Q&A With Will Beiersdorf (right), MPA, Executive Director of the Road Home Program: The Center for Veterans and Their Families at Rush
Military personnel face serious difficulties when returning to civilian life. Rush has partnered with the veteran community to find a solution. The Road Home Program: The National Center of Excellence for Veterans and Their Families at Rush opened in March 2014, treating veterans for post-traumatic stress disorder, traumatic brain injury, military sexual trauma and other physical and psychological needs. Road Home is the beneficiary for the Rush Associates Board 2015 Casino Night on June 12. Will Beiersdorf, executive director of Road Home, as well as a Naval Reserve and Illinois Army National Guard veteran, explains Road Home’s special attributes.
How many veterans do you serve now?
We’ve seen 200 veterans and their family members in less than a year. That is well beyond what we expected. A huge contributor to that is a lot of referrals are coming from veterans themselves. Earning that trust within the veteran community is difficult, so to see their willingness to be associated with us in such a personal way shows we’re making an immediate impact.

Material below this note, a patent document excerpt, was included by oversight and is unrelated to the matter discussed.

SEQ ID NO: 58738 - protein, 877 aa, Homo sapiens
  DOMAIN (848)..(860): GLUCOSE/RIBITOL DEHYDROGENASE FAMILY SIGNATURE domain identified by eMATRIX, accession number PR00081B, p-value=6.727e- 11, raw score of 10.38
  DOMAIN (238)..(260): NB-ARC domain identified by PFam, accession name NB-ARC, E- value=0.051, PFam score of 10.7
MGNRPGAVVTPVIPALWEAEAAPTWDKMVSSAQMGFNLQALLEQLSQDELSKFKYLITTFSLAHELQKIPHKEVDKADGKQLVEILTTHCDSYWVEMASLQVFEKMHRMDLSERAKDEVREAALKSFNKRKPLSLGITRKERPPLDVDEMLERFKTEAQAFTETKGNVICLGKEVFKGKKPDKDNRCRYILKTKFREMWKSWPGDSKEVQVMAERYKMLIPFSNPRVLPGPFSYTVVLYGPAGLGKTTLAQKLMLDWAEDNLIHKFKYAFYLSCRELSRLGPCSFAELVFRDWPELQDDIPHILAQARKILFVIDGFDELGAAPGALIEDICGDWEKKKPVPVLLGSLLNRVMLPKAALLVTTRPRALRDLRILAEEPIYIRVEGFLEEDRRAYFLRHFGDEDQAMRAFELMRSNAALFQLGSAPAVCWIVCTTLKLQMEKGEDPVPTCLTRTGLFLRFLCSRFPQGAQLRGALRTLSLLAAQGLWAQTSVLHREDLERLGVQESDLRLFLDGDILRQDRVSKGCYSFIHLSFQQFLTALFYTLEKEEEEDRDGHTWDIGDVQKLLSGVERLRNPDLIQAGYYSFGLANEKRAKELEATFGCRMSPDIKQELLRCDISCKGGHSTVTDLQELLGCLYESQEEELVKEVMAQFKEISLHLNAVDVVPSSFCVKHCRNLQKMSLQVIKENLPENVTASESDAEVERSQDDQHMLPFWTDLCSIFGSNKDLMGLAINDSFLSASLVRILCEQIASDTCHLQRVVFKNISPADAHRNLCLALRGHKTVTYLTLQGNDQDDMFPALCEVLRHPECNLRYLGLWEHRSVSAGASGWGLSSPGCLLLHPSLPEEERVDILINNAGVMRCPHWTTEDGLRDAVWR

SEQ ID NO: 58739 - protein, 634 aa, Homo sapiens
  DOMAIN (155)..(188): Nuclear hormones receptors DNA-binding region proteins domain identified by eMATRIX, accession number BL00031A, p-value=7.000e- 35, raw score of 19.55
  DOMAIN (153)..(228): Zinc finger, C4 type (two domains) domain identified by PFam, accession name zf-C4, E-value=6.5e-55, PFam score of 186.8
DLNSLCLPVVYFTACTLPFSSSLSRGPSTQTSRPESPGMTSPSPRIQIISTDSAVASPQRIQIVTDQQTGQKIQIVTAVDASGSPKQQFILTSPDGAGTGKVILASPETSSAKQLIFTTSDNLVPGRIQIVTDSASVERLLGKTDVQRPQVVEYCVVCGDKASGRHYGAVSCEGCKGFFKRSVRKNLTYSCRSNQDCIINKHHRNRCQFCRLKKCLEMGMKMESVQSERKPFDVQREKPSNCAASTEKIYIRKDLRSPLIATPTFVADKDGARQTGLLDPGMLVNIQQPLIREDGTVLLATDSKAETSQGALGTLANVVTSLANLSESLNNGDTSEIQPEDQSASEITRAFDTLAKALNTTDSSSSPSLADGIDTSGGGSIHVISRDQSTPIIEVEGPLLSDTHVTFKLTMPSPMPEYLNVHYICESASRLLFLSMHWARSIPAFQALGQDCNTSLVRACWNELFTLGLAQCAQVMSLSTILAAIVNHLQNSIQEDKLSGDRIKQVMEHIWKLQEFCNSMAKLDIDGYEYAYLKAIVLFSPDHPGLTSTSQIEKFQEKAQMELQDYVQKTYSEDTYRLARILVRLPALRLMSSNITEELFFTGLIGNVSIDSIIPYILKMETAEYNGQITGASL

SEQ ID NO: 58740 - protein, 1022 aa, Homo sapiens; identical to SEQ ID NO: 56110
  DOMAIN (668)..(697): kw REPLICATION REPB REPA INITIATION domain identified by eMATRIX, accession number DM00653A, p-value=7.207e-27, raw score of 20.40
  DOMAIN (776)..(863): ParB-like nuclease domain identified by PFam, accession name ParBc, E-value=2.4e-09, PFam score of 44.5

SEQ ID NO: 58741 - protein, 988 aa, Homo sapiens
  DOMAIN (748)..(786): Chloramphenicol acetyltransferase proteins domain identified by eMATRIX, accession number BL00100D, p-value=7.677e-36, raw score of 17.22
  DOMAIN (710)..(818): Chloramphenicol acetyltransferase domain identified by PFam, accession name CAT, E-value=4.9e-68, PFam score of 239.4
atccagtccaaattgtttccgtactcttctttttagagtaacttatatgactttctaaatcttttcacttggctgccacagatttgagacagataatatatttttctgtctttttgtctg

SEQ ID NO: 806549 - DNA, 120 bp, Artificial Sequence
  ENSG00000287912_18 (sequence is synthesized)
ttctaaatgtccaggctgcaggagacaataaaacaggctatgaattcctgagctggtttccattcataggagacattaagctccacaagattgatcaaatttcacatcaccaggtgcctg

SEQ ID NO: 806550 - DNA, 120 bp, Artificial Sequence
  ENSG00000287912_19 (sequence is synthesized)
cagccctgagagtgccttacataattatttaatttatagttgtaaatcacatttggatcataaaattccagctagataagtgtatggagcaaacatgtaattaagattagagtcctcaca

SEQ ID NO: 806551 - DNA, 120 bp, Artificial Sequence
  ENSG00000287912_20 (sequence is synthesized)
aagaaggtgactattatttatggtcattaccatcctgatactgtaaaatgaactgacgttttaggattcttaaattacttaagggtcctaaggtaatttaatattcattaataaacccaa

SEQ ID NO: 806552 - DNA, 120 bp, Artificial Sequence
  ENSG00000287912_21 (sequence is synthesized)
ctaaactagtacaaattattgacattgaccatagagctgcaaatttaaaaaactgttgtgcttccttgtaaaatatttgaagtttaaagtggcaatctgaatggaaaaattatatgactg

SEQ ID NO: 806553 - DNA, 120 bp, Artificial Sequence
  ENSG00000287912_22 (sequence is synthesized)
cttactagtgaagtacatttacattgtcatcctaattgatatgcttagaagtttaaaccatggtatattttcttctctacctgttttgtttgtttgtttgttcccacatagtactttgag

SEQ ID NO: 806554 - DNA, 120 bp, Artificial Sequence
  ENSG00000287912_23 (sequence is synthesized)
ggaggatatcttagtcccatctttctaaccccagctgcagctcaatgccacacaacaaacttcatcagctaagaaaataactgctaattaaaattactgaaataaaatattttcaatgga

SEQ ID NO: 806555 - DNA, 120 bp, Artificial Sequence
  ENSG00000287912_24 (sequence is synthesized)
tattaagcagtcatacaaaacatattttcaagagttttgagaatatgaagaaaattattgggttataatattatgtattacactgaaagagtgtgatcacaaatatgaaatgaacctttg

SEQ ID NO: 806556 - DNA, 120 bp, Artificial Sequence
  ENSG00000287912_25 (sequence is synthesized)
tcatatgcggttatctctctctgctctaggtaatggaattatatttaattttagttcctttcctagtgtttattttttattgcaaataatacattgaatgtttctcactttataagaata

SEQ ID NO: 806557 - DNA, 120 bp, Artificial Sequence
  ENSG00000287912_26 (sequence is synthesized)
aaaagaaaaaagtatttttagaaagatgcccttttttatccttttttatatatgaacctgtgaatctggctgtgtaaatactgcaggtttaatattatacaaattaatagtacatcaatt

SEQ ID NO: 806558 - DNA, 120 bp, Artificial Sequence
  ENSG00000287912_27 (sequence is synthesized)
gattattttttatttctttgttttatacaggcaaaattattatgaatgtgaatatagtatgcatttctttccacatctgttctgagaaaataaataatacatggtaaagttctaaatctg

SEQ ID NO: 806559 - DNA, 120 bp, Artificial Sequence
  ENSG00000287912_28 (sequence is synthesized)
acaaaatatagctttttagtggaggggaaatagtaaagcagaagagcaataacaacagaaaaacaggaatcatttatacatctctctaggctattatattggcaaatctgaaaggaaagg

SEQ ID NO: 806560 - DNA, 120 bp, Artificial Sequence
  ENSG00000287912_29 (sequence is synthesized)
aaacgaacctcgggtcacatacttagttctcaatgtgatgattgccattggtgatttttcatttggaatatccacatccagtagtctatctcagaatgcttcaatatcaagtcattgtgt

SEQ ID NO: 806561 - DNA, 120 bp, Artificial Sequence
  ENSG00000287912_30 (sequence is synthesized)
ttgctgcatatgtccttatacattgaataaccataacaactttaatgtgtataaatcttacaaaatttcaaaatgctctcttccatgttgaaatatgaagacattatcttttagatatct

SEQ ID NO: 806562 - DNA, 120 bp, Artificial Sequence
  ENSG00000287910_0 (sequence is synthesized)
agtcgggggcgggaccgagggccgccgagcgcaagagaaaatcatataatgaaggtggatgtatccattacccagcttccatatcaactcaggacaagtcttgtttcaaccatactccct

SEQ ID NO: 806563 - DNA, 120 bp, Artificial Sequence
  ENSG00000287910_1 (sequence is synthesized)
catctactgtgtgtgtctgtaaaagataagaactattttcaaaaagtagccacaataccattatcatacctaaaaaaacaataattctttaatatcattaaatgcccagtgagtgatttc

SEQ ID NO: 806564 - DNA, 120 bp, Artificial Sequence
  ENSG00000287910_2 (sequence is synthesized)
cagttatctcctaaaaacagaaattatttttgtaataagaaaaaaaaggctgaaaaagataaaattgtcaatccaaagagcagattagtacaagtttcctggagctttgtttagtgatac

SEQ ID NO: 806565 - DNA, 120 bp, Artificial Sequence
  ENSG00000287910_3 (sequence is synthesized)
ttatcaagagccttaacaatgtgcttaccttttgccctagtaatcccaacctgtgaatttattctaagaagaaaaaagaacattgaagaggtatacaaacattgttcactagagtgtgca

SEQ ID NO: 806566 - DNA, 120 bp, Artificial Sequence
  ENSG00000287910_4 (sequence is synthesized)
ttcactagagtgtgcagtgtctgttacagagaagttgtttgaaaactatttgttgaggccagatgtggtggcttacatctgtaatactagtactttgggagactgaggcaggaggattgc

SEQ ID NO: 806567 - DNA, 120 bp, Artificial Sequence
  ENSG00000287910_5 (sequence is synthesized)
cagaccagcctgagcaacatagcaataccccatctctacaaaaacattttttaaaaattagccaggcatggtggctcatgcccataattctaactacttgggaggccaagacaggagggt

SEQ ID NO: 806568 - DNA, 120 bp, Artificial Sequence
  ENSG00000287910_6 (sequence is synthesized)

What makes Road Home different from other veteran services?
The Road Home Program is a great complement to the range of medical, psychiatric and outreach services already available to veterans by local Veterans Affairs medical centers and other peer organizations. We take that a step further to include services for military families as well, recognizing family from an open and expansive perspective. We will see children and parents of veterans along with boyfriends, girlfriends, husbands and wives; even a neighbor could be part of a veteran’s family. Regardless of the uniform a veteran has worn, or the length or type of service they have provided, or even their discharge status, Road Home will try to help.
How can philanthropic support make a difference?
We’ve built a program that can adapt and evolve to the growing array of challenges veterans and families face. Philanthropy is critical to maintaining that momentum. It’s critical to our ability to treat even more veterans and their loved ones; to expand the depth and range of services we offer; to build on the many strong regional partnerships we have with Veterans Affairs institutions; and to become part of a network of National Centers of Excellence for treating the invisible wounds of war.